250 Cookbooks: Settlers’ Recipes and Remedies

Cookbook #117: Settlers’ Recipes and Remedies, Historic Boulder, Inc., 1978.

Settlers Recipes and Remedies Cookbook“Hiccups are immediately stopped by giving a lump of sugar saturated with wine vinegar.”  “For a headache, peel and slice raw potatoes and bind them on the forehead in a cloth that reaches around the head.” “It will be bad weather if carrots grow deeper.”

Such is the lore of the first settlers in Boulder, Colorado. Settlers’ Recipes and Remedies includes small black and white photos of people and serving ware and  a store and historic homes in Boulder. There are quite a few recipes – some basic, some interesting, some odd – but few very are practical for today’s cooks. No oven temperatures! No cooking times!

I must have bought this book used in a bookstore in Boulder, since “$3.00” is written in pencil on the first page. I’ve never used it as a recipe source. I can’t find any information about it online, except that the Denver Public Library has a copy. Historic Boulder has a current website, but they don’t mention this book.

I will cook “Wild Bill Hickock’s Smothered Beefsteak” for this blog. You take a thin steak, smooth a bread stuffing on top, roll it up, and cook it til done. Good basic foodstuff. Then, I will recycle this book.

Beef Rolls recipeSteak Roll
serves 2

  • one thin-cut steak, sirloin or round, about 12 ounces
  • 1 cup fine bread crumbs
  • 1 tablespoon soft butter
  • 1/2 teaspoon sage
  • 1/2 teaspoon summer savory (or, use oregano or thyme)
  • salt and pepper
  • milk, about 1/4 cup
  • salt pork, about a tablespoon, chopped
  • beef broth, 1-2 cups, or use water
  • flour

Lay the steak out on a breadboard and pound with a meat pounder/tenderizer until it is smooth and flat.

Put the breadcrumbs, butter, herbs, and salt and pepper in a bowl. Add enough milk to make a “stiff” mixture (one that hold together when pressed with your hands). Spread this mixture over the steak in an even layer.

Roll the steak (from either side, your choice) and tie with pieces of string. Set aside.

In a pot on the stove top, brown the salt pork. Add the steak roll and brown on all sides. Add beef broth (or water); the roll does not need to be submersed in liquid, just have the depth of liquid at about an inch. Cover the pot and simmer 1 1/2 – 2 hours. Check about every 30 minutes and add more broth or water if it is evaporating away.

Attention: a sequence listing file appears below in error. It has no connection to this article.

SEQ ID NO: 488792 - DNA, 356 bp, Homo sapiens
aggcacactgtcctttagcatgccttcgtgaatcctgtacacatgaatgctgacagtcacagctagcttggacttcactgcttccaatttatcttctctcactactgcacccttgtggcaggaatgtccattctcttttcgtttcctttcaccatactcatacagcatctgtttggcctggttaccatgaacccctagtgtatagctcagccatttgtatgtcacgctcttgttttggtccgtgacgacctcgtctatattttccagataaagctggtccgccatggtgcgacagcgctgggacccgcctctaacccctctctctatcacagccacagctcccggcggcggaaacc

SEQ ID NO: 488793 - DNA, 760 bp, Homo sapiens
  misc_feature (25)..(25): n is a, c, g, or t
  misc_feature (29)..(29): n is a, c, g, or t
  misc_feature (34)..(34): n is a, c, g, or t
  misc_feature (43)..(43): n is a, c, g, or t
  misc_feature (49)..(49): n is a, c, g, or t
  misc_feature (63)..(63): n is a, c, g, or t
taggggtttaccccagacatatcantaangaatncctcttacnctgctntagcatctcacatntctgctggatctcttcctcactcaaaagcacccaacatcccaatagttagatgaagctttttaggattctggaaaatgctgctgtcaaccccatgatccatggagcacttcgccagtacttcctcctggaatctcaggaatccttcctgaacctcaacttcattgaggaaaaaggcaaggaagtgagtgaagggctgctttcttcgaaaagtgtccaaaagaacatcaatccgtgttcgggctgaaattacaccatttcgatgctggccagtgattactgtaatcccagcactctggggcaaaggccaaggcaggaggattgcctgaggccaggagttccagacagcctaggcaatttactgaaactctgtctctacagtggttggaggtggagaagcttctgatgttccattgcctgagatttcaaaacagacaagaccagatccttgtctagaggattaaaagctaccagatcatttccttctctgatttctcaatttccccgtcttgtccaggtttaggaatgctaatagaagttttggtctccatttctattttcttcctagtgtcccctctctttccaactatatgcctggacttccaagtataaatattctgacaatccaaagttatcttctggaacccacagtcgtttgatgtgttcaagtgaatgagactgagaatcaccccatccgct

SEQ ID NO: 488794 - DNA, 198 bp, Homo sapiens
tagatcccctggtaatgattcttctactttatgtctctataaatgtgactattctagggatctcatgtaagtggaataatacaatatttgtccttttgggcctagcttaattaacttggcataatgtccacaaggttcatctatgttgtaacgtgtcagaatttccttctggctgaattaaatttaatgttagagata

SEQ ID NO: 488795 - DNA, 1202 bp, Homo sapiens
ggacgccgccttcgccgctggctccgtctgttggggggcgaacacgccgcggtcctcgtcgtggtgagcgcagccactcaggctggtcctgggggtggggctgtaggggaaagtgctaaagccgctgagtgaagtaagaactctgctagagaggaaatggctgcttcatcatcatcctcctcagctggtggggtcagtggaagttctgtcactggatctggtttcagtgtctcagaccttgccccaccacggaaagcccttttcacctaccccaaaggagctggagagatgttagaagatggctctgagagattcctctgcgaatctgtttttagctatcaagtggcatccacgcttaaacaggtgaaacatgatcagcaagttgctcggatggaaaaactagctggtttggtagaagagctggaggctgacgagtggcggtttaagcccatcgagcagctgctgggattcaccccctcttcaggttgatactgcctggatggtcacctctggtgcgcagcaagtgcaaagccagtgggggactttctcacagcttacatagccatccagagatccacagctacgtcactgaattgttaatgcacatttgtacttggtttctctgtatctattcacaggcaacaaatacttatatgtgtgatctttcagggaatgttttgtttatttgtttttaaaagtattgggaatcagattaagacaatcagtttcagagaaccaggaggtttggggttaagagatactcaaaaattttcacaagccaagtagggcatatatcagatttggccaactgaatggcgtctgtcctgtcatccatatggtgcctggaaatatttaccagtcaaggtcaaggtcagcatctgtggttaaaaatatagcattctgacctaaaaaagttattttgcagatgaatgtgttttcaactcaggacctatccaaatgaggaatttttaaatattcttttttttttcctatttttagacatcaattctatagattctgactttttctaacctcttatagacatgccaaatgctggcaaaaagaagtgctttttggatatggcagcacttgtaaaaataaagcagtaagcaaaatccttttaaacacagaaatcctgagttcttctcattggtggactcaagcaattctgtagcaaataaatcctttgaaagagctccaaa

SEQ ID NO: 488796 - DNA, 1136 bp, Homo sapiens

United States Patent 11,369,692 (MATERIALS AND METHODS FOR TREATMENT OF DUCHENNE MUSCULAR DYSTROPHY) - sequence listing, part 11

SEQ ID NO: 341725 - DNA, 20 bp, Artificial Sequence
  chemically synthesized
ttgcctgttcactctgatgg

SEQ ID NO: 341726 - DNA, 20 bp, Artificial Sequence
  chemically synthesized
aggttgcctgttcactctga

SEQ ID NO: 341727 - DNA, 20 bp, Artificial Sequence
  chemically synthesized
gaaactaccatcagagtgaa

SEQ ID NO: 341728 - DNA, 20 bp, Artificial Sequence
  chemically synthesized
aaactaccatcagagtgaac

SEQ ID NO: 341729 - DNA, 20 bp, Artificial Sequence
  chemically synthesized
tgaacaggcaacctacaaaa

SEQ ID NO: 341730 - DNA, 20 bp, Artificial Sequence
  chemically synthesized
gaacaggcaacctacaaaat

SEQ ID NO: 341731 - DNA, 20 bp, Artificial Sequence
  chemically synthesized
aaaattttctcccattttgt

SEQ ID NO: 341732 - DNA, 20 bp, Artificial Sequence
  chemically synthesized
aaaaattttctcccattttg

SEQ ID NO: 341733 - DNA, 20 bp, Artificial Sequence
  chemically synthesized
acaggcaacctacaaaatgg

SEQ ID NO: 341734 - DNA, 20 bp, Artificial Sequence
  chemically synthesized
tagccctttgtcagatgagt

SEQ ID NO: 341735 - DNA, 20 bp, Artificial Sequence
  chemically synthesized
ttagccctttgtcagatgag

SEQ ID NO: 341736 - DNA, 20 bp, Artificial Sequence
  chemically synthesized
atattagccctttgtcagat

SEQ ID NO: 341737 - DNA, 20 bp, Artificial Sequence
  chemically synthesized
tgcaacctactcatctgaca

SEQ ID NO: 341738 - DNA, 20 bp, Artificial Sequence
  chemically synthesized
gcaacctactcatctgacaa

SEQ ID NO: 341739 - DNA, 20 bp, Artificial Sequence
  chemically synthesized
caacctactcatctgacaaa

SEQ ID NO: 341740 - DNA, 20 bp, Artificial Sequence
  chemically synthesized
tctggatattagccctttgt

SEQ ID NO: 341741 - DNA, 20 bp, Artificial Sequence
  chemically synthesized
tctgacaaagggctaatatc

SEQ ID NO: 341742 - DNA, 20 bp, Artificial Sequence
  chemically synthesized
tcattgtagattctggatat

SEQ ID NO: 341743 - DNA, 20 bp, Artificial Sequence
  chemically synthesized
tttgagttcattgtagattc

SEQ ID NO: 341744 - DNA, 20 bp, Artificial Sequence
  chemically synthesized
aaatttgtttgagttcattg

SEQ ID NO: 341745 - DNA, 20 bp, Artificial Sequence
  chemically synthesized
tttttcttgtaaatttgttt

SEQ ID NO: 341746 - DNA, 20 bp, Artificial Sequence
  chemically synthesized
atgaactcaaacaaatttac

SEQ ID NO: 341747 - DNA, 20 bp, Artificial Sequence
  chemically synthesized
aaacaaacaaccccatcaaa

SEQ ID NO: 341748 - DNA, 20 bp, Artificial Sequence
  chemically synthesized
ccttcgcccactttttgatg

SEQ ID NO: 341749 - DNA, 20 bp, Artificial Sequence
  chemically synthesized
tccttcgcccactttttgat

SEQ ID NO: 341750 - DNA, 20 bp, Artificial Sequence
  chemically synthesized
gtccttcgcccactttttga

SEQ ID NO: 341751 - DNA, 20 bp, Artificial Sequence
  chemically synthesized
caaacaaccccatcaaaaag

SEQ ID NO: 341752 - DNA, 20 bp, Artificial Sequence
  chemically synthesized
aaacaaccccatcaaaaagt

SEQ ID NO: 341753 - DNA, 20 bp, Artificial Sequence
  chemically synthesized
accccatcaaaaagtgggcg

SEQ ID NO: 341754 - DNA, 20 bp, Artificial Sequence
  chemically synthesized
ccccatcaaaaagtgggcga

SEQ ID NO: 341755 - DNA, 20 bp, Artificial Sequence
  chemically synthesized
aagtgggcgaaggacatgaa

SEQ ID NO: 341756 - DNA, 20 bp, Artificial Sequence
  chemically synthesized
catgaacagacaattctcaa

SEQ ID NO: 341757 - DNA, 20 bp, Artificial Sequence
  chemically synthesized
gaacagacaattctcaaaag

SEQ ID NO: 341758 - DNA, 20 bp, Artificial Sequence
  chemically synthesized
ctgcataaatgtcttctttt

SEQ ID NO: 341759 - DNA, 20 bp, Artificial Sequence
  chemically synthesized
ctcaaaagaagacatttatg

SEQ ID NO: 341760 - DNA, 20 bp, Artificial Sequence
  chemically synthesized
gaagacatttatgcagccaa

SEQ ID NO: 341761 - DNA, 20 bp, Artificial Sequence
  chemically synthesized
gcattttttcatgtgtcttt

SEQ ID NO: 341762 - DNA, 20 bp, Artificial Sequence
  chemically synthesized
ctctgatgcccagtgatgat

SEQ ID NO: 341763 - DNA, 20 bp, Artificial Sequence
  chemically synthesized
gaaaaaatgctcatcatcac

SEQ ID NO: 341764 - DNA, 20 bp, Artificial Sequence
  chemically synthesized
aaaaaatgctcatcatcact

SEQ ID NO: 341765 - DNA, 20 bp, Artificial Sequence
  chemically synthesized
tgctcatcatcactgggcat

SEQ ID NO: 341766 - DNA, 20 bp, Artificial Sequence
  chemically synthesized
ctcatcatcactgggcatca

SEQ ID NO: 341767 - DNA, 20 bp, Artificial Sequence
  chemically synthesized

The roll is done when it is knife-tender. Remove the roll from the pan and set aside. Add a tablespoon or two of flour to the gravy in the pot and mix in; add water until the gravy is as thick or thin as you like.

Slice the roll and serve with the gravy.

Beef RollsWe liked these – good comfort food. They were excellent with mashed potatoes and peas!I think the salt pork added a lot of flavor. If you can’t find it, use a piece or two of bacon. I was able to find salt pork at Whole Foods. Part of the current movement to bring saturated fats back into the US diet, I guess!

Salt Pork

250 Cookbooks: Weber Charcoal Barbecue Kettles

Cookbook #116: Weber Charcoal Barbecue Kettles, Weber-Stephens Procuts Co., Arlington Heights, Illinois, circa late 1970s.

Weber Charcoal Barbecue Kettles“Pork tenderloin surprise packages on p. 15, but missing that page!” That is what I wrote in my database when I entered this small instruction and recipe booklet. And that recipe is all I think about now when I pick up this booklet to find a recipe for this blog! None of the other (remaining) recipes are anything I want to make.

What are pork tenderloin surprise packages? Well, as I recall, you take some bacon and wrap it around a thick slice of pork tenderloin topped with – something else – and toothpick it all together. You put it on the grill and cook it – at some temperature – until done. Cheese enters the picture at some point. We loved these back in the day but I haven’t made them in years.

On a hunch, I googled “pork tenderloin surprise packages” and hit the jackpot. I guess I’m not the only fan of this recipe! I found several very similar versions of the recipe online. Yay!

Here is a photo of the original recipe (1972 edition, not the same as my little booklet) from the Let’s Talk BBQ site. Visit that site for great photos of the steps for making Pork Tenderloin Surprise Packages! Cooks.com has a version that is a little easier to read. Saz’s site’s version suggests mozzarella cheese and specifies “indirect heat” and a cooking time of 55 minutes (not 45 minutes like the original) and a doneness temperature of 170˚. I like this version too; it suggests that you can cook them in the oven.

I am tickled to find the original recipe, but I still have some work to do: I need to work out how to cook these on a gas grill, both time and temperature.

I know that the bacon grease will drip off these little packages – so I begin by making sure the drip pan at the bottom of my gas grill is clean and wiping off some of the chunks of build-up on the inside of the BBQ. My grill top has a temperature gauge; while cooking these packages I will nudge the burners to get it to read 350-375˚. I’ll put them over indirect heat. Starting at 40 minutes, I will check the temperature of the pork with an instant-read thermometer. When the temperature is about 160˚, I’ll add the cheese to the top and check every couple minutes until the cheese is melted. Ready, set, go!